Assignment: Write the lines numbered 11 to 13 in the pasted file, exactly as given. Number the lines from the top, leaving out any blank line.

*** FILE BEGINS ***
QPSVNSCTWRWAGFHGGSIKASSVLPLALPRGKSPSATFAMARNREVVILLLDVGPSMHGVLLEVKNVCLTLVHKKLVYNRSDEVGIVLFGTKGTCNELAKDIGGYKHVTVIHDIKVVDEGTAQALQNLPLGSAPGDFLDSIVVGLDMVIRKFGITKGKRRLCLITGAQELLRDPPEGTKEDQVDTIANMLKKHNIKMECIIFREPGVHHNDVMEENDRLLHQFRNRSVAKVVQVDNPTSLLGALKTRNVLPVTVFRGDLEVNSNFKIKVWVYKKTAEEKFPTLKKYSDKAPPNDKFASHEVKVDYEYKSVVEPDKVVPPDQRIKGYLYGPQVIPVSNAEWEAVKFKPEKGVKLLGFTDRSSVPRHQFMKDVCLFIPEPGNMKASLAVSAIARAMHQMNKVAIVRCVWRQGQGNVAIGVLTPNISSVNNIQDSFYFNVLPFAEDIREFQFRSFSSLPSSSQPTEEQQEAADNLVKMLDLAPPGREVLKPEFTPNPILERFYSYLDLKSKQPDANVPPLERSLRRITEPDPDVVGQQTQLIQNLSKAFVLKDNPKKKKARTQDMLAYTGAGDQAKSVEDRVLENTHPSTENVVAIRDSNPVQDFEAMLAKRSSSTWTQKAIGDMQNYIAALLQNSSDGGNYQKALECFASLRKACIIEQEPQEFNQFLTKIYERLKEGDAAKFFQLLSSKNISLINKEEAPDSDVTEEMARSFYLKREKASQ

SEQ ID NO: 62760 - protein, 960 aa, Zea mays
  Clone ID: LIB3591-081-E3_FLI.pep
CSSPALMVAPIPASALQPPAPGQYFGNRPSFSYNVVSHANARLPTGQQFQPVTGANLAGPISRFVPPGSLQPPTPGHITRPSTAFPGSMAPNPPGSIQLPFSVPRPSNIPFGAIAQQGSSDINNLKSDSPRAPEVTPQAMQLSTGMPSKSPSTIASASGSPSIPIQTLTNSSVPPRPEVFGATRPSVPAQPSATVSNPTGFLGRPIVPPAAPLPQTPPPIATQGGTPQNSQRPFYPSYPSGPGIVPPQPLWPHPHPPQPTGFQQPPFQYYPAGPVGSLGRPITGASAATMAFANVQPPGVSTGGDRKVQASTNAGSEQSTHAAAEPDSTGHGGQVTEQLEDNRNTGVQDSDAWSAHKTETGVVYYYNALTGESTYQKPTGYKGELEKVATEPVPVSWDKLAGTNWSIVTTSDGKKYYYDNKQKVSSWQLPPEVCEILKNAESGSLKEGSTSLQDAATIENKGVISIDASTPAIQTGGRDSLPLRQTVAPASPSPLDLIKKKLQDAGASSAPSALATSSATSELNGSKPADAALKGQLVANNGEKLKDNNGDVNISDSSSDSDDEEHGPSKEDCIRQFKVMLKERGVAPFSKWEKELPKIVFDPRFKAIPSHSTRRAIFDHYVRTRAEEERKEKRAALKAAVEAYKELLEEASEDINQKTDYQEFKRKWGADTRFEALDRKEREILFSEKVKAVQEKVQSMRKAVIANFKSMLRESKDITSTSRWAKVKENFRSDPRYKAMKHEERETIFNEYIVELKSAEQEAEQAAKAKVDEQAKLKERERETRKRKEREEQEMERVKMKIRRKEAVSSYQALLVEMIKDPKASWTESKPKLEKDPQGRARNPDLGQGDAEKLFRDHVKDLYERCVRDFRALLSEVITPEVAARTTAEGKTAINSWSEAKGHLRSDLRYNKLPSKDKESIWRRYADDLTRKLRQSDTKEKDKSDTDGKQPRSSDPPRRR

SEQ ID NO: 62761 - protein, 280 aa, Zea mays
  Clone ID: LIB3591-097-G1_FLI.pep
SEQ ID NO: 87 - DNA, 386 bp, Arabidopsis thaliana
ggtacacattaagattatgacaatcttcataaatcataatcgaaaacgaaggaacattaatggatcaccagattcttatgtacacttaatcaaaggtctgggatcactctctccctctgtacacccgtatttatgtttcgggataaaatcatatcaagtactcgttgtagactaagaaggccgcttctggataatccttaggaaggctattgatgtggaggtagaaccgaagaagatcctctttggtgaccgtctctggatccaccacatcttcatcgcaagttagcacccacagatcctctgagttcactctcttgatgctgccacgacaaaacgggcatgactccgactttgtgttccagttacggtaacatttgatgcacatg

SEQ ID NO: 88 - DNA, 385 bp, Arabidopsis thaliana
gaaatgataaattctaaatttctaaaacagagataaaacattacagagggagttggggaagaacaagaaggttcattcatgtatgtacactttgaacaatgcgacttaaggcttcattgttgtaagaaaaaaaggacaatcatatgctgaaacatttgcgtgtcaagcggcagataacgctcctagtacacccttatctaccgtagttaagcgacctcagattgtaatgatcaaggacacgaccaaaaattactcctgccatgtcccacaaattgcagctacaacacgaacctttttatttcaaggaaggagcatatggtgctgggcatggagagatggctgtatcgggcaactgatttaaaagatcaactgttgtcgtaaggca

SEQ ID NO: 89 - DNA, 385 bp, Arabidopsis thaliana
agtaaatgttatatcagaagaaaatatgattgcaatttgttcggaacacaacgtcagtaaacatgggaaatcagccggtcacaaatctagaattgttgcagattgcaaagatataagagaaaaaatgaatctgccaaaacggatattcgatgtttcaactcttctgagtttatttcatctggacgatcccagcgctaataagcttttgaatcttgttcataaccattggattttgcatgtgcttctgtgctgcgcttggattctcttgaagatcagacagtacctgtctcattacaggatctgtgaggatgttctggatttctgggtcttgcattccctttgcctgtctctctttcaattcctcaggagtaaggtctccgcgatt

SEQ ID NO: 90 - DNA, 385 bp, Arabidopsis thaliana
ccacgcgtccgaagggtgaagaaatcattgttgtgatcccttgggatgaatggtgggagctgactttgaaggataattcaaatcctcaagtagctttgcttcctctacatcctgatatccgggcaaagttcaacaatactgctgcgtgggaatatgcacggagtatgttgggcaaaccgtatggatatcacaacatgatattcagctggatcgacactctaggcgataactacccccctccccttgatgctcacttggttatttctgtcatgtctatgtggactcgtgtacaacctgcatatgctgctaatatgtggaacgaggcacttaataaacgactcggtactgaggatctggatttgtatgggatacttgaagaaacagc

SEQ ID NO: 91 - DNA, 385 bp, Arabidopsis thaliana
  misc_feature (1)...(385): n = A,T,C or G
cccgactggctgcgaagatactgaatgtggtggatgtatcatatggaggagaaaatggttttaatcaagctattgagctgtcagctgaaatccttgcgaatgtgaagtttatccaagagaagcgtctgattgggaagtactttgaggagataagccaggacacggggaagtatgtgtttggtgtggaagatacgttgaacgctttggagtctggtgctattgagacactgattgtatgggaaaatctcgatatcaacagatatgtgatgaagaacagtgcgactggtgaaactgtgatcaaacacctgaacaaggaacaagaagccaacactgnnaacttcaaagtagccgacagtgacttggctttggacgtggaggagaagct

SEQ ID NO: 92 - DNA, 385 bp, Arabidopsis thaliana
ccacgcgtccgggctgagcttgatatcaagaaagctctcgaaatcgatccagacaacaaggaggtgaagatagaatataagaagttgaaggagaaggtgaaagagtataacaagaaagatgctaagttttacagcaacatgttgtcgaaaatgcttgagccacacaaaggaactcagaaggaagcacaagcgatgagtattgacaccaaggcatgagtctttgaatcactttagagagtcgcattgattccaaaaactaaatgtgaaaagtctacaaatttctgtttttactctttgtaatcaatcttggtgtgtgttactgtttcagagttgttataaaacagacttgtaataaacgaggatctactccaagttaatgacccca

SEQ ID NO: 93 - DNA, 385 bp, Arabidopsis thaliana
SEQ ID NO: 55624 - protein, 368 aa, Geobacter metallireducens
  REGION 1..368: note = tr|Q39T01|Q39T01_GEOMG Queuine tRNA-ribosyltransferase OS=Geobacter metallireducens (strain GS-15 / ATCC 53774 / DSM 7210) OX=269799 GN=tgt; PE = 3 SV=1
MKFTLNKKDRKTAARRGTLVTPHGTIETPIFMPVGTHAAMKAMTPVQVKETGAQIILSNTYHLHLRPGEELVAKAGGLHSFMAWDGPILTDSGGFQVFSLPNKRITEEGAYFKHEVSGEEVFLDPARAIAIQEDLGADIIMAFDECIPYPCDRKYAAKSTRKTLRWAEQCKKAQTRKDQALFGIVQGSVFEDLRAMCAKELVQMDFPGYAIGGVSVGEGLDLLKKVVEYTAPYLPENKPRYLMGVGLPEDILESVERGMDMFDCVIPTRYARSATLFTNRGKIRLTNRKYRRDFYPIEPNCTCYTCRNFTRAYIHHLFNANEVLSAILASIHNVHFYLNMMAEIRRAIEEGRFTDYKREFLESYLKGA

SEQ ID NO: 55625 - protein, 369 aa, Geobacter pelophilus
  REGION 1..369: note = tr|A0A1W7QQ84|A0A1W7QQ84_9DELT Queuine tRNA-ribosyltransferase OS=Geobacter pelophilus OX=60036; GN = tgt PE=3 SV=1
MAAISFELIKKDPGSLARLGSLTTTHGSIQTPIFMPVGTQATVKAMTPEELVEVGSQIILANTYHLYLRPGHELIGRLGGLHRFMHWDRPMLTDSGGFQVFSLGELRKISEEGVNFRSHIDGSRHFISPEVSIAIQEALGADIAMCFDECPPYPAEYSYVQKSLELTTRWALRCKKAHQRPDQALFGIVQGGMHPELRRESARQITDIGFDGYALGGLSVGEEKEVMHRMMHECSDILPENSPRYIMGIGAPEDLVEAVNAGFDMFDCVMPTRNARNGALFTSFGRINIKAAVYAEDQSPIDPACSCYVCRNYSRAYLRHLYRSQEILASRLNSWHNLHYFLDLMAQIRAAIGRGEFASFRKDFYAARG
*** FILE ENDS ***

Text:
SEQ ID NO: 89 - DNA, 385 bp, Arabidopsis thaliana
agtaaatgttatatcagaagaaaatatgattgcaatttgttcggaacacaacgtcagtaaacatgggaaatcagccggtcacaaatctagaattgttgcagattgcaaagatataagagaaaaaatgaatctgccaaaacggatattcgatgtttcaactcttctgagtttatttcatctggacgatcccagcgctaataagcttttgaatcttgttcataaccattggattttgcatgtgcttctgtgctgcgcttggattctcttgaagatcagacagtacctgtctcattacaggatctgtgaggatgttctggatttctgggtcttgcattccctttgcctgtctctctttcaattcctcaggagtaaggtctccgcgatt

SEQ ID NO: 90 - DNA, 385 bp, Arabidopsis thaliana